A Pep-Talk for Wilted Saladmakers
Why is it that some salads bring forth “OOOHs” and “AHHHs,” while other can't seem to elicit muchmore than a “ZZZZZ...”???
Attention to certain little preparation details can really make the difference(s) between salad A. and salad B. Try to cultivate all or some of the following habits, and your salads will become increasingly wonderful.
(1) (a MUST) – Always wash your greens thoroughly, leaf by leaf, in cold water. Dry them equally thoroughly. (The single most important gadget-for-salads you can own is a lettuce spinner.)
After drying the leaves, chill them until use.
(2) Become a marinater of things. Keep a jar of vinaigrette dressing on hand (see last week's CSA recipe for Garlic & Herb Vinaigrette), and house your left-over cooked beans (especially garbanzos) in there. Try marinating sliced raw mushrooms in salad dressing. If you have leftover steamed vegetables, and they are in reasonably good spirits, marinate these in vinaigrette (or in any dressing of your choice). Add marinated thing to green salads just before tossing.
(3) Keep pots of fresh herbs on your windowsill (or keep them growing in a garden spot near your kitchen door, if possible). Especially: chives, parsley, basil, thyme. Just snip fresh herbs into your salads, with scissors.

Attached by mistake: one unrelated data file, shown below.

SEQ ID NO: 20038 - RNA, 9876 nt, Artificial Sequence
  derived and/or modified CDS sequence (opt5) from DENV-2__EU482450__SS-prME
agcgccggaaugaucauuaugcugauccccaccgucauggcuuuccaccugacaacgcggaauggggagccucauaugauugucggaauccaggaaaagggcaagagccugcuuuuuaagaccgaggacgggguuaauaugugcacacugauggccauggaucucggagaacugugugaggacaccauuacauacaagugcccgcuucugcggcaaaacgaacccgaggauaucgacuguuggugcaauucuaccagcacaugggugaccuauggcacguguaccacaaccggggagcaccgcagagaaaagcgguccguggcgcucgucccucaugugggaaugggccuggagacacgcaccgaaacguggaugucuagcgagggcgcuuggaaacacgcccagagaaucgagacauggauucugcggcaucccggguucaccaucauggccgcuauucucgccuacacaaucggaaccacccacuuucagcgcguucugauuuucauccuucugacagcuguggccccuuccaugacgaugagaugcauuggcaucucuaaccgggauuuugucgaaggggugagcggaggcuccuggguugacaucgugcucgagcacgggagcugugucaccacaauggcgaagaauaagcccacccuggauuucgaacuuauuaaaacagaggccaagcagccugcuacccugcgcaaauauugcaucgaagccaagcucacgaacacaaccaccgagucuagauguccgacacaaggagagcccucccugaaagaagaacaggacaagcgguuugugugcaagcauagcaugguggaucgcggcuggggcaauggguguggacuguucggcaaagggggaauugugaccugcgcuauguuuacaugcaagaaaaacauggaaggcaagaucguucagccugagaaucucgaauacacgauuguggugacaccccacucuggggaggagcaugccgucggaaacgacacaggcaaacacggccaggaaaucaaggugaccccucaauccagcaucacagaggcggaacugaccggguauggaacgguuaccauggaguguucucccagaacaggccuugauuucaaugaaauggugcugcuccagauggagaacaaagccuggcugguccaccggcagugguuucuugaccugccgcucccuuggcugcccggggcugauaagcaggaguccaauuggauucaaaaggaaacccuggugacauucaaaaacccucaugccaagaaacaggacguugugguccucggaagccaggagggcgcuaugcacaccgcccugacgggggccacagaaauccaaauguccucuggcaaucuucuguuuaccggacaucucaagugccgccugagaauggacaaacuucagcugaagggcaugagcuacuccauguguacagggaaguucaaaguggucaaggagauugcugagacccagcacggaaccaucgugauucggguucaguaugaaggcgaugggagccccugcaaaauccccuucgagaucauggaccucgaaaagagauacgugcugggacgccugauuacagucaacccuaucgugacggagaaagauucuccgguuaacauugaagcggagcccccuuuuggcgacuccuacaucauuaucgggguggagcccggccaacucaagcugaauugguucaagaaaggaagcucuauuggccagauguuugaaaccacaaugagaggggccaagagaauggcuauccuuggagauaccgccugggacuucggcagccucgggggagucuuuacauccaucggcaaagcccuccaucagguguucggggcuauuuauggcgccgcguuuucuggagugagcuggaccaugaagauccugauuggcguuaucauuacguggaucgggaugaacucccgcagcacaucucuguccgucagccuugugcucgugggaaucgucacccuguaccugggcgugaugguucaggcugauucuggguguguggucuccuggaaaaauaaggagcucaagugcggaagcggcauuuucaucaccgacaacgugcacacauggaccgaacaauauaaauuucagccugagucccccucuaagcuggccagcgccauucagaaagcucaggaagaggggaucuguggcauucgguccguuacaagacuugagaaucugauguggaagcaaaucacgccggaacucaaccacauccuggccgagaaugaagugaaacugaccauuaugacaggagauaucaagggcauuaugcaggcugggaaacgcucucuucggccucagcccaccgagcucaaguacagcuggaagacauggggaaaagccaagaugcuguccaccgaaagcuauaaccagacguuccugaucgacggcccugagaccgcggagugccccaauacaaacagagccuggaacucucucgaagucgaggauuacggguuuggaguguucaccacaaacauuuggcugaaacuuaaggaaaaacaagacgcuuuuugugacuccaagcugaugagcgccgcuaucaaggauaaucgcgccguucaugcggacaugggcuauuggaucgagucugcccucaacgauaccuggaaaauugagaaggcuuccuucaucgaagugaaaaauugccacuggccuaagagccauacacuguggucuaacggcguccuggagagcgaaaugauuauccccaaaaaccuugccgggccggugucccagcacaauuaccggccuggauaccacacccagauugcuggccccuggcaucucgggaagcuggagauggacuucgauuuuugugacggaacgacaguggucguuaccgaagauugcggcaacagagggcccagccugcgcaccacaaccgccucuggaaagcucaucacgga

(4) Oil-rule-of-thumb: When in doubt, use olive oil. Of course, this presupposes that you have some on hand. Nine out of ten Earnest Saladmakers have olive oil on their shelves at all times (even when they have nothing else in the house). ← This, according to the latest poll of Earnest Saladmakers.
(5) Get a good knife with a straight-edged blade, and keep it sharp, thus enabling yourself to cut sublimely-thin slices of anything (like radishes!).
(6) When using garlic (or garlic whistles): FRESH only!
(7) Greens should always be dressed only at the very last minute! (otherwise, sogginess.)
(8) Don't forget the charms of: toasted cashews, sunflower seeds, sesame seeds, thin slices of tart apple, grated parsnips (a sweet surprise,) marinated tofu, grated cheese, finely-chopped hardcooked egg …and whatever else you find charming.
Slightly modified from The Enchanted Broccoli Forest by Mollie Katzen